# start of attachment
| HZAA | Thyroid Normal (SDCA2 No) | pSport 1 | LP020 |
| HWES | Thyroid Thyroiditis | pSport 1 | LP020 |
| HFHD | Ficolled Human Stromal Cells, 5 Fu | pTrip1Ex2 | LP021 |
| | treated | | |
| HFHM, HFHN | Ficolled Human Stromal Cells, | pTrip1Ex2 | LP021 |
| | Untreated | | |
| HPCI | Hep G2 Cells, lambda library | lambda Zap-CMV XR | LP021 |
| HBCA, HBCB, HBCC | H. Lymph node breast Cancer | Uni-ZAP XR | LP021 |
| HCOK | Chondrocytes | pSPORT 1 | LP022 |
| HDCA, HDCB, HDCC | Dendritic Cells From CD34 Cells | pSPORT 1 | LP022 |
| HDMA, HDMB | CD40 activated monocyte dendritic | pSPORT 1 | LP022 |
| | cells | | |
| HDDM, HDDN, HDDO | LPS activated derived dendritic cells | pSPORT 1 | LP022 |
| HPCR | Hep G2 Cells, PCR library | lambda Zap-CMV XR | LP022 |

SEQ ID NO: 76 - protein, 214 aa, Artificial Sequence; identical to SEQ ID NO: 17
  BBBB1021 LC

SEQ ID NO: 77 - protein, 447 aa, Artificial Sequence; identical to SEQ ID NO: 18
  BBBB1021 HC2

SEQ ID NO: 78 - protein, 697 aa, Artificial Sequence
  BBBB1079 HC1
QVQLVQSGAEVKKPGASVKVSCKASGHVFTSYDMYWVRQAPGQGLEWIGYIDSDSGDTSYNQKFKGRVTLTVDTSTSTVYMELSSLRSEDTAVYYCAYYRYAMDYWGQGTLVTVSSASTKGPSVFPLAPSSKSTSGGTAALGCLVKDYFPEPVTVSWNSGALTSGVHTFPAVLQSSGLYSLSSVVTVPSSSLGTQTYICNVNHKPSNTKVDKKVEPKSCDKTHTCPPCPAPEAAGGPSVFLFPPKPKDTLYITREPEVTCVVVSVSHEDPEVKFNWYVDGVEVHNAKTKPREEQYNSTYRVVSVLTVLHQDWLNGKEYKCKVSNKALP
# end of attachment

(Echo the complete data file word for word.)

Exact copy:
| HZAA | Thyroid Normal (SDCA2 No) | pSport 1 | LP020 |
| HWES | Thyroid Thyroiditis | pSport 1 | LP020 |
| HFHD | Ficolled Human Stromal Cells, 5 Fu | pTrip1Ex2 | LP021 |
| | treated | | |
| HFHM, HFHN | Ficolled Human Stromal Cells, | pTrip1Ex2 | LP021 |
| | Untreated | | |
| HPCI | Hep G2 Cells, lambda library | lambda Zap-CMV XR | LP021 |
| HBCA, HBCB, HBCC | H. Lymph node breast Cancer | Uni-ZAP XR | LP021 |
| HCOK | Chondrocytes | pSPORT 1 | LP022 |
| HDCA, HDCB, HDCC | Dendritic Cells From CD34 Cells | pSPORT 1 | LP022 |
| HDMA, HDMB | CD40 activated monocyte dendritic | pSPORT 1 | LP022 |
| | cells | | |
| HDDM, HDDN, HDDO | LPS activated derived dendritic cells | pSPORT 1 | LP022 |
| HPCR | Hep G2 Cells, PCR library | lambda Zap-CMV XR | LP022 |

SEQ ID NO: 76 - protein, 214 aa, Artificial Sequence; identical to SEQ ID NO: 17
  BBBB1021 LC

SEQ ID NO: 77 - protein, 447 aa, Artificial Sequence; identical to SEQ ID NO: 18
  BBBB1021 HC2

SEQ ID NO: 78 - protein, 697 aa, Artificial Sequence
  BBBB1079 HC1
QVQLVQSGAEVKKPGASVKVSCKASGHVFTSYDMYWVRQAPGQGLEWIGYIDSDSGDTSYNQKFKGRVTLTVDTSTSTVYMELSSLRSEDTAVYYCAYYRYAMDYWGQGTLVTVSSASTKGPSVFPLAPSSKSTSGGTAALGCLVKDYFPEPVTVSWNSGALTSGVHTFPAVLQSSGLYSLSSVVTVPSSSLGTQTYICNVNHKPSNTKVDKKVEPKSCDKTHTCPPCPAPEAAGGPSVFLFPPKPKDTLYITREPEVTCVVVSVSHEDPEVKFNWYVDGVEVHNAKTKPREEQYNSTYRVVSVLTVLHQDWLNGKEYKCKVSNKALP